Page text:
According to feminist author Jill Filipovic, stay-at-home-moms are responsible for producing and encouraging the very worst of men. They’re also a drag on society and doing more harm than good to themselves, too.
In a series of tweets earlier this week, the controversial writer wrote:
“More mothers at home makes for worse, more sexist men who see women as mommies and helpmeets. Men with stay-at-home wives are more sexist than men with working wives; they don’t assess women’s workplace contributions [fairly]; and they are less likely to hire and promote women.”
Ms. Filipovic, is very wrong, of course, and wildly so. It’s reckless and foolish to make negative and insulting assertions about whole groups of people without providing any evidence to back up such claims. Incidentally, she was responding to an essay by Matt Bruenig in The New York Times, in which he suggests the federal government should pay parents who stay home with their children.
So, in this instance, we have one bad idea being countered by another.
My own wife, Jean, made the decision over twenty-years ago to forgo a career in science in order to devote her full-time energies to raising our first son, Trent. Troy came soon afterward. She would tell you it was the best decision she ever made. Our boys are now thriving young men.
It’s a fact that not everyone has the luxury of making this choice. Jean and I are grateful we were able to do it. It required sacrifice and doing without certain things from time to time.
Living through the last two decades as a family, you’ll never convince me that anybody works harder than a mother. Parenting is a joy-filled experience, of course, but it also requires a tremendous amount of effort. The legendary writer, John Steinbeck, once put it quite succinctly. “It takes courage,” he wrote, “to raise children.”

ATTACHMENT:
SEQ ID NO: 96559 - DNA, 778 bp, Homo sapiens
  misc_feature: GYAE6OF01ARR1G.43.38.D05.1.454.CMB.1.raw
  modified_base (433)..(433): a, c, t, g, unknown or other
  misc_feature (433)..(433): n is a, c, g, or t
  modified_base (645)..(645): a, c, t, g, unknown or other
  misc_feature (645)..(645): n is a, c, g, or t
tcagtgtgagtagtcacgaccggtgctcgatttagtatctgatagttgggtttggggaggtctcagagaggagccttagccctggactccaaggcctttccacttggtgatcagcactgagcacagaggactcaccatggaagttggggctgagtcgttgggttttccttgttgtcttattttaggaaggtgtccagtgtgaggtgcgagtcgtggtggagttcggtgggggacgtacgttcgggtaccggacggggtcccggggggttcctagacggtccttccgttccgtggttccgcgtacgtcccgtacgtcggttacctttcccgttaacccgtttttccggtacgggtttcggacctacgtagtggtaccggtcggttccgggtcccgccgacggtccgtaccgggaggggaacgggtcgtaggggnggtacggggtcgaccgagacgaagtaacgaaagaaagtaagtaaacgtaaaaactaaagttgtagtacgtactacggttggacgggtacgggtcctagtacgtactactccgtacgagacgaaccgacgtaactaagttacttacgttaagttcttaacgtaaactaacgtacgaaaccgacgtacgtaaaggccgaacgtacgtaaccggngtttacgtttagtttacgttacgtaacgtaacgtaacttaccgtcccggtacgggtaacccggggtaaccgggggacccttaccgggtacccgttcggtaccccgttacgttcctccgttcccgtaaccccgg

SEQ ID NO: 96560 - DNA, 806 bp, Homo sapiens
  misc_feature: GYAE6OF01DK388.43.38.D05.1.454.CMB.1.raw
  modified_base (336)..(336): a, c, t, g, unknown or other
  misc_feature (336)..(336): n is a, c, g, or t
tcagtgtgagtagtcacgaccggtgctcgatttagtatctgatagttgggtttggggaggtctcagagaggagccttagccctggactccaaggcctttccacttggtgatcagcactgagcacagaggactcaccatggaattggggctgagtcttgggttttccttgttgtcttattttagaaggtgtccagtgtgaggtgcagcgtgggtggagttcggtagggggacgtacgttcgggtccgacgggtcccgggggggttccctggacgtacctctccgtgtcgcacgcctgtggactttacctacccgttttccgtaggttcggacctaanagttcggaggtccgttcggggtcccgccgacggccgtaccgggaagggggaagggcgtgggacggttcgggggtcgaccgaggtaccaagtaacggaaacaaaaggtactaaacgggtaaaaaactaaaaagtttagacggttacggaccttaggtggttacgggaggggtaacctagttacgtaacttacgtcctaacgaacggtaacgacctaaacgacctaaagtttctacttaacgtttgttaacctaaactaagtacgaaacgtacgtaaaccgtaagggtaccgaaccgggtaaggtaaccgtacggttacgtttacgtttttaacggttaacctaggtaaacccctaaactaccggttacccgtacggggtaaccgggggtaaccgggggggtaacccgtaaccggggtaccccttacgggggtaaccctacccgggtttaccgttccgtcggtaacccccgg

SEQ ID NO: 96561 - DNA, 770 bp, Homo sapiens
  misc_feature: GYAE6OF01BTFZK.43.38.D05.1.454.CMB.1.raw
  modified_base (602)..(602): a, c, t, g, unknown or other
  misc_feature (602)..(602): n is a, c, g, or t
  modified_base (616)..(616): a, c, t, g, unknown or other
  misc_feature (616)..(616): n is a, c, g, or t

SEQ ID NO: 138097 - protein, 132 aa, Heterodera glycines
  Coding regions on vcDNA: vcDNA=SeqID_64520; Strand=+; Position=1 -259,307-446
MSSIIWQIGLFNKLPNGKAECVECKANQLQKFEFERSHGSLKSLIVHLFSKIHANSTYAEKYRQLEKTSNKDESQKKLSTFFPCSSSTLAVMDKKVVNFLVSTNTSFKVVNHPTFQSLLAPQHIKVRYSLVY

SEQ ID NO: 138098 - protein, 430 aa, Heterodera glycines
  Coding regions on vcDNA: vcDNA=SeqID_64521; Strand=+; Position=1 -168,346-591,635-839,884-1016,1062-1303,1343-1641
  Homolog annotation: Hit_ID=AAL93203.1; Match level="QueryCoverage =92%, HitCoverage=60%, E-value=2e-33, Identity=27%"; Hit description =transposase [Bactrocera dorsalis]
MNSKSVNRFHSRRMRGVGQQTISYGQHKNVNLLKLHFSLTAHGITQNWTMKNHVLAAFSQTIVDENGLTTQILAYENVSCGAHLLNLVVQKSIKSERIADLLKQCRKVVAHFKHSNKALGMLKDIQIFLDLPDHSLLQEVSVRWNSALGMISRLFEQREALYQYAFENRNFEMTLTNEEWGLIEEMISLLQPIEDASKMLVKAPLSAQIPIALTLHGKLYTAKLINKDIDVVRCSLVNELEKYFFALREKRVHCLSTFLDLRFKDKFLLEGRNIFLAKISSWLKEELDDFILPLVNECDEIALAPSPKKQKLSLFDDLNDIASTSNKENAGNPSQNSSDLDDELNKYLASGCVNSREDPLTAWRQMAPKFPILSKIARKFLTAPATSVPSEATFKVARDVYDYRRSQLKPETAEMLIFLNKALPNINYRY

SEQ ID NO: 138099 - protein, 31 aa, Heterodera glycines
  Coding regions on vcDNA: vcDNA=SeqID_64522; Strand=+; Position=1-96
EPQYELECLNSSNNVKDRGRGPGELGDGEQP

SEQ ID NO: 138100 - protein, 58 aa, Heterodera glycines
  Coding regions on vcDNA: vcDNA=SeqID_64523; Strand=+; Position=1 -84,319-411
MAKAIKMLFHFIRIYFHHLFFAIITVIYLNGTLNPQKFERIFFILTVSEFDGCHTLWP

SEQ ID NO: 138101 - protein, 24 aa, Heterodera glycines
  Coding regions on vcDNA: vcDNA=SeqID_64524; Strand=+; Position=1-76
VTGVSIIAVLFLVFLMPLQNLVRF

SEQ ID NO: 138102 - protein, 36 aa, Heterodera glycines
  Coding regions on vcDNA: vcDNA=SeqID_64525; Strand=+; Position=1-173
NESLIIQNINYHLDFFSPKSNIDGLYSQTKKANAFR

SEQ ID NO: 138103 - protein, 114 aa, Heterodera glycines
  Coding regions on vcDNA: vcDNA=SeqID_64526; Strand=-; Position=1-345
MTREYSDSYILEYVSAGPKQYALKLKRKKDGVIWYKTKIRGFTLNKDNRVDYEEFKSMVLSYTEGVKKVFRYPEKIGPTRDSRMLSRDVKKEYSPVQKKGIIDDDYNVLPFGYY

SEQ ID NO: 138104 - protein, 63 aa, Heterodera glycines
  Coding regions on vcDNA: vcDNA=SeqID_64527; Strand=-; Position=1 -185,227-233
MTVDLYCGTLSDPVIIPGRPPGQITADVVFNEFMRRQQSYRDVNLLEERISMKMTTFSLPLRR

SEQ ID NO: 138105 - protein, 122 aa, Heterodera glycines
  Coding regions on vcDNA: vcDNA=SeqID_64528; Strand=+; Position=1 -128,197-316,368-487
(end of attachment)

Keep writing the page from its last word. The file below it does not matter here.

Ms. Filipovic also claims in her social media broadside that full-time mothers are “psychologically and emotionally worse off than working mothers by just about every measure.” She says they are also more likely to be depressed and experience “anxiety” and “anger.”
“They are much more likely than working mothers to say that they are struggling, and less likely to say that they are thriving,” Filipovic added.
Unlike her first, baseless charge that mothers who stay home with their young boys somehow produce sexist sons, there is some evidence that moms in this category face unique challenges their counterparts who work outside the home do not.
Admittedly, it can be isolating and difficult to raise children. With no adults to talk with and rebellious and cantankerous toddlers challenging you around the clock, it’s not unusual for nerves to be frayed and emotions to be uneven. Motherhood does take its toll.
But at the very heart of Ms. Filipovic’s claim and charge is the assertion that personal happiness – not the wellbeing of a child – is what’s most important. It’s “me-focused.” The ongoing war on children regularly plays up the adult to the detriment of the innocent child. For example, abortion is the ultimate selfish act. Rather than make an adoption plan, which would be in the best interest of the child, the baby is aborted. Selfish interests trump a sacrificial spirit.
Ms. Filipovic and others who subscribe to this philosophy are also ignoring the other side of the social science. While mothers who stay home with their children may struggle, the deleterious effects are temporary. The science also finds that while moms may face unique challenges, the children actually do better when mom stays home.
I would like to ask: Are there any children or adults out there who regret their mom staying home with them? I highly doubt it.
Mothers who stay-at-home with their children deserve our praise, support and encouragement. They’re uniquely gifted and they’re raising the next generation. Sorry, Ms. Filipovic, but instead of attacking them, you should be applauding them.